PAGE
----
"Knowing is not enough; we must apply!" – Goethe
I agree so strongly, I had to share.
Recommendations to Adoptive Parents from an Adoptee:
- Educate yourself, read every book you can find on adoptees and on
being an adoptive parent. (If you need any recommendations, ask me)
- Decide now, if you are doing this for a child, or for yourself. (Is
it about image or love? Is it about your own needs, to be a parent, to
be needed, to fit in society?)
- Mourn what you may not have. (As in blood children of their own.)
- Never say, â€œWe love you as our own.â€ The adoptee will be your child and thatâ€™s a mixed message if there ever was one.
- Donâ€™t overdo the â€œyou are so special/luckyâ€ thing. They arenâ€™t going to feel that, so actions will speak louder than words.
- Always be there for them, they may have anxiety when you leave them
at daycare, or anywhere else. This is normal for most kids, but often
worse for an adoptee.
- Join a support group, somewhere they can play with other adopted kids and you can talk about your life with your child.
- Love them unconditionally. Even when they shout you are not my family. Even more so then.
- Find out everything you can about your childâ€™s heritage and family
and try to incorporate some of it into your own. Allow them to freedom
to explore their history as well as yours.
- Donâ€™t take it personal if they decide to search for their blood.
Itâ€™s not about you or something you did wrong, itâ€™s about wanting to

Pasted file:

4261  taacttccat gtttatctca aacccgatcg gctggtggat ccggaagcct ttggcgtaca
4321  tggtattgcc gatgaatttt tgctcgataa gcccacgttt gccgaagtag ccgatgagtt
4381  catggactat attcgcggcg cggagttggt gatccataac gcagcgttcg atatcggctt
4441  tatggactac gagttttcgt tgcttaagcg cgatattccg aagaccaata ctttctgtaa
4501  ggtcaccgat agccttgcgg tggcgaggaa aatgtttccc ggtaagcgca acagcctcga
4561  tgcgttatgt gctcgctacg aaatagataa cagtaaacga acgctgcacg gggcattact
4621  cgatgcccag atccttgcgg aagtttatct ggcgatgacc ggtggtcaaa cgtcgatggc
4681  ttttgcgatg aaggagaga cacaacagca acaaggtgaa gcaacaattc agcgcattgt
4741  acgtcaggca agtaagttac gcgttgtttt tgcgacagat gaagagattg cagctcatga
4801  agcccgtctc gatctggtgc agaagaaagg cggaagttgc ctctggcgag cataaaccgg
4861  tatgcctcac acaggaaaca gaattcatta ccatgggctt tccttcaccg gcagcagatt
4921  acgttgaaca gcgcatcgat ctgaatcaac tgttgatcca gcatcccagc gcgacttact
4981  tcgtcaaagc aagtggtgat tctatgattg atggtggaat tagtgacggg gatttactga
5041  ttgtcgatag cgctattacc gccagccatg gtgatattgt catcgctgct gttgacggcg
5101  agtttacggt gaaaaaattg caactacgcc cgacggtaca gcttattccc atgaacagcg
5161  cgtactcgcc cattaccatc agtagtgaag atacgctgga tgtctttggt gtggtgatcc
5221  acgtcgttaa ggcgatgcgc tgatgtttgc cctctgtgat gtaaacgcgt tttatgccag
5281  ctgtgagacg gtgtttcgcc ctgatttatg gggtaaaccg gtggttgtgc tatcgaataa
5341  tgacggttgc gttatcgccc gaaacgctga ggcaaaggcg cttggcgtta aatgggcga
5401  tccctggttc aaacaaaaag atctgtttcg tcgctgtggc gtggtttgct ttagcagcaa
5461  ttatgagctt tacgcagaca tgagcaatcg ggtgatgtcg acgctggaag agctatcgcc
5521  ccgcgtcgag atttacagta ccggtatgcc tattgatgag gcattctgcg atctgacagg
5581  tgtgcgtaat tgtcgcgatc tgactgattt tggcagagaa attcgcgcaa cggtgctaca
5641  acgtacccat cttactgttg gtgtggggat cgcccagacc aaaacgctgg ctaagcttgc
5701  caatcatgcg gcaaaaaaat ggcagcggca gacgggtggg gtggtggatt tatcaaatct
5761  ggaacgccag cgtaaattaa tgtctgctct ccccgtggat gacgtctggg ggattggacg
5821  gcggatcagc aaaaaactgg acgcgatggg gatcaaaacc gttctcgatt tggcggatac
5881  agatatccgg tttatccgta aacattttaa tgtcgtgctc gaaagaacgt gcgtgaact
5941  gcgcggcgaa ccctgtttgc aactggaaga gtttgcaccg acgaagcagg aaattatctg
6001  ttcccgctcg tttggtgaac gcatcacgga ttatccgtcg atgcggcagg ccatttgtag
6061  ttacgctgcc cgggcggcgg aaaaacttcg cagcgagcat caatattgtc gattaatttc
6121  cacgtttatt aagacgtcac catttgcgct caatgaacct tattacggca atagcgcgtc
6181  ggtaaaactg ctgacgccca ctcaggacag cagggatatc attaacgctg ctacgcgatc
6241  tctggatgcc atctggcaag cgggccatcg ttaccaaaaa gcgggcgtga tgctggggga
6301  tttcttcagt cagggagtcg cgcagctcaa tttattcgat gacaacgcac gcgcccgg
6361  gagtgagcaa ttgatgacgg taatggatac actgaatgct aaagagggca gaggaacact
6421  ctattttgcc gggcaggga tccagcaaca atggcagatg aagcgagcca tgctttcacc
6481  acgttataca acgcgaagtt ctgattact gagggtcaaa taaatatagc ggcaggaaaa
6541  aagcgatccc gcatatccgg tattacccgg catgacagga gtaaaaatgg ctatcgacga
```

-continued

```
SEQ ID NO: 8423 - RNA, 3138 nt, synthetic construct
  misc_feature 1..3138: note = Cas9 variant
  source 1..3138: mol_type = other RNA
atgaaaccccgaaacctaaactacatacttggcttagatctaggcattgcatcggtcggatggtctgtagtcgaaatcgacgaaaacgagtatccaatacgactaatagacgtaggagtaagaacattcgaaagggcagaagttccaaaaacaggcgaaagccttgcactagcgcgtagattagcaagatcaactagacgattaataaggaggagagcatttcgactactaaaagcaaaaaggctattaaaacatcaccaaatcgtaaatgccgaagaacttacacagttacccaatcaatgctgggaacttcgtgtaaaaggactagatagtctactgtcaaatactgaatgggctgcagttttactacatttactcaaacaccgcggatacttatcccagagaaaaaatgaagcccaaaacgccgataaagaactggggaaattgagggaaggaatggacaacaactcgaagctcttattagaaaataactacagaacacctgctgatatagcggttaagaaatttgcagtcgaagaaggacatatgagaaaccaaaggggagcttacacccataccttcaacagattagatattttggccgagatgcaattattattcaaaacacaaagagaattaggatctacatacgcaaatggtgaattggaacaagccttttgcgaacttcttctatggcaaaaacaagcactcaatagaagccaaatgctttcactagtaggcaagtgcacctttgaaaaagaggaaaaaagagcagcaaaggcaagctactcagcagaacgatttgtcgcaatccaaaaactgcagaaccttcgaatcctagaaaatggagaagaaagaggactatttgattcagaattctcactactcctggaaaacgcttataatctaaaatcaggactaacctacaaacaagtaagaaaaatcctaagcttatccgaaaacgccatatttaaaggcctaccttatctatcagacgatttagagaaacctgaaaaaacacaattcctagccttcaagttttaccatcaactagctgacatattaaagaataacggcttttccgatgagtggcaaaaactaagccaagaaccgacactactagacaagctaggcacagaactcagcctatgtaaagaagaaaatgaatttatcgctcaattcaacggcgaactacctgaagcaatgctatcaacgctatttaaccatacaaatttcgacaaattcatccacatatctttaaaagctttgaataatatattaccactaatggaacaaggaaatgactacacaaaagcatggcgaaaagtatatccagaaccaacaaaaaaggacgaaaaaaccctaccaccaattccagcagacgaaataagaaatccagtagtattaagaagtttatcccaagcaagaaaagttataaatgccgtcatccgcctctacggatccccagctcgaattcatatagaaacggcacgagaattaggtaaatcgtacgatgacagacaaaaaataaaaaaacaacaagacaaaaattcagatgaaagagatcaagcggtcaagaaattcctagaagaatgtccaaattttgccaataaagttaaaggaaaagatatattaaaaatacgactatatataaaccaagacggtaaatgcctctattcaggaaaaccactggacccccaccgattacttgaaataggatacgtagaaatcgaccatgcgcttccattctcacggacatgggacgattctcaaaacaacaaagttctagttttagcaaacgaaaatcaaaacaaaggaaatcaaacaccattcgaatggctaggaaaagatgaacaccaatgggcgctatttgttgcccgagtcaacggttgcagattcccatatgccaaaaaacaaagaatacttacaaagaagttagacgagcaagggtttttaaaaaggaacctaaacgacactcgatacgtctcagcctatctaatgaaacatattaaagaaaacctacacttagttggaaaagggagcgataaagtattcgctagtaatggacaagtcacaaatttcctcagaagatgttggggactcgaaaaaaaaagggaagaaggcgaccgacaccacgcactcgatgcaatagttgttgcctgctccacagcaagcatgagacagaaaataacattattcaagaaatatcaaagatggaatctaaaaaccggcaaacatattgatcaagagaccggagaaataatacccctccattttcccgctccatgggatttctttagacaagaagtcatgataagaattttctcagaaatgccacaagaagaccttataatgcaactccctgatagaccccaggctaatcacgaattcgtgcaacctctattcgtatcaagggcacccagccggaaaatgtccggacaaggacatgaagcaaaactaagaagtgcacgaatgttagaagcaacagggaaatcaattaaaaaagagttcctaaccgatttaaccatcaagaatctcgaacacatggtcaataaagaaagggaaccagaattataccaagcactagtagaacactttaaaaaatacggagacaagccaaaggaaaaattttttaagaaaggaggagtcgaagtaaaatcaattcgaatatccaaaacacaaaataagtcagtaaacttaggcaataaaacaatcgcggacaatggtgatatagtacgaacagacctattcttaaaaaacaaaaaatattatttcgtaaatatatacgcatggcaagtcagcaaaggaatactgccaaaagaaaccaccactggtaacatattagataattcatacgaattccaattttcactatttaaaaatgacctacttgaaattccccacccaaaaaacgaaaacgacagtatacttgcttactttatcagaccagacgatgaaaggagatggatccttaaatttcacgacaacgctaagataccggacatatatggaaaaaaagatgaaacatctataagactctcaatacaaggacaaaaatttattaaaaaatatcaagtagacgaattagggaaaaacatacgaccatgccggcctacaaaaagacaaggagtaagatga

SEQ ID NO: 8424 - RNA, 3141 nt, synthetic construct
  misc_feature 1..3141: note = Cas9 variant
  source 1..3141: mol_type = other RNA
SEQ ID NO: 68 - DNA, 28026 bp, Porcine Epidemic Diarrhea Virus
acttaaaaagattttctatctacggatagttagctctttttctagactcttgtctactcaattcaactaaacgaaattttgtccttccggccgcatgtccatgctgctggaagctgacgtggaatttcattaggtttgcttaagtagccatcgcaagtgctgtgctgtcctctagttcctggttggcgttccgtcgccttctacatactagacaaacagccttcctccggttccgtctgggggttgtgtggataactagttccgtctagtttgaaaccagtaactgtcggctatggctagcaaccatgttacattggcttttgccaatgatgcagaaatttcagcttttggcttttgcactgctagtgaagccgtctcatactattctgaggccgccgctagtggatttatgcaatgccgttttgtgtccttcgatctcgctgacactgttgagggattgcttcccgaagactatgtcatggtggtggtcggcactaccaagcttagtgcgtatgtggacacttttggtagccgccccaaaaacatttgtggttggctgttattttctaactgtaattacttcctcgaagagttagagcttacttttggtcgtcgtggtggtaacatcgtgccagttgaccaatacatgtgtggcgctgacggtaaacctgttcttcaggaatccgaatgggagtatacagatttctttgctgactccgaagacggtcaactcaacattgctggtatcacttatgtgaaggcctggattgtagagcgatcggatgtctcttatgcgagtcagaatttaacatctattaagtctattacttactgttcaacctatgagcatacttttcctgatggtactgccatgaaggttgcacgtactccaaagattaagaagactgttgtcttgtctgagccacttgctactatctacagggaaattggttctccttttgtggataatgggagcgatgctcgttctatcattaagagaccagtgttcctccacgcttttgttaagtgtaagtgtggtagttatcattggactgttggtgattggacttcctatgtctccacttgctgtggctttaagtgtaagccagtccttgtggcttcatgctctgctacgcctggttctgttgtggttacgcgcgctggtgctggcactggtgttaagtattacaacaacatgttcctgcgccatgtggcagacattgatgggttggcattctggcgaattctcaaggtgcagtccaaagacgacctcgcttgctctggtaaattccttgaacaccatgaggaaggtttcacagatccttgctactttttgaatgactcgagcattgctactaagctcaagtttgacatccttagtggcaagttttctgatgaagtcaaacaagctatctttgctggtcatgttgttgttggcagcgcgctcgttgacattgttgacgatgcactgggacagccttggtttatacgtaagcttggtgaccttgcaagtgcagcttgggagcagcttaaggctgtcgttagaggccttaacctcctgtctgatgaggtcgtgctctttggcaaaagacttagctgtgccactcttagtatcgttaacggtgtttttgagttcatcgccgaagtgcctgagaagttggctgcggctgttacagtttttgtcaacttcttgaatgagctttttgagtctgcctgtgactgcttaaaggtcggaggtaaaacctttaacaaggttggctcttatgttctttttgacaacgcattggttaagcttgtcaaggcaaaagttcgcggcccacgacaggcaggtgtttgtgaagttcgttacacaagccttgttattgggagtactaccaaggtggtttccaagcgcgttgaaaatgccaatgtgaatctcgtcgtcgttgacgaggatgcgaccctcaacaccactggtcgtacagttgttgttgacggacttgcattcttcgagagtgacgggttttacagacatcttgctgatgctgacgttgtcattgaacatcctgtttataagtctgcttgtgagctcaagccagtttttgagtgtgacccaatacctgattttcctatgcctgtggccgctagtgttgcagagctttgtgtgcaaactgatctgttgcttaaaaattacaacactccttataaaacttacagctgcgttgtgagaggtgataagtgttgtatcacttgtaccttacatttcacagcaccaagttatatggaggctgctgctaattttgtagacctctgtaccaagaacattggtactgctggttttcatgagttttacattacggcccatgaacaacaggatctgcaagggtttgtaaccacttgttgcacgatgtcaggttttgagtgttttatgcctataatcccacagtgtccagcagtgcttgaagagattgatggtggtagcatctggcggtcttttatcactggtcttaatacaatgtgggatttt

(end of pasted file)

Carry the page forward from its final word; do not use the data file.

know where you came from. After all, you probably know where you came
- Be honest in all things. Donâ€™t LIE to your adopted chid about their origins.
- Love them, UNCONDITIONALLY.
- If a member of the birthfamily comes around searching, be honest
and truthful with the adoptee about it. Let them make the decision or
if still very young, ask their opinion. Donâ€™t hold it against them and
donâ€™t think you need to â€œdefendâ€ your child from these people. After
all, from a biological stand point, your child is theirs as well.
- If the adoptee is reunited, try to not hold animosity toward the
birth family. Also understand that the adoptee may spend more time with
them for a while. He or she hasnâ€™t forgotten you, they are just
reveling in something new, like looking at someone who looks like them.
(Want to know what I mean? If you are ever around a bunch of adoptees
and one of them just reunited and is showing pictures, the first
comment is probably going to be â€œWow, you look just like them.â€ Itâ€™s
one of the first things we notice, because we donâ€™t see it in
- Encourage them to talk about adoption and their birth family. Never
give them any sense that it is not okay to talk about it -by a look,
tone of voice, etc.
- Do not expect that if you â€œlove them enoughâ€ that will solve magically solve all adoption issues that they might have.
- Never say anything negative about the birth family. Part of their
identity comes from their birth family. Insulting the birth family is
like insulting the child.
- Never â€œmake upâ€ anything about the birth family. If you do, it may come back to bite you later.
- Encourage contact with the birth family. Never withhold any letters, pictures, etc. unless it is necessary for safety concerns.
- Do not wait to â€œtellâ€ a child they are adopted. Make it something that they have always known.
- Never say â€œI understand how you feel or I know what you are going
through.â€ Unless you have been adopted yourself, and even then, you
have no way of truly understanding the pain and hurt that an adoptee
may be feeling.
- LOVE THEM, UNCONDITIONALLY.
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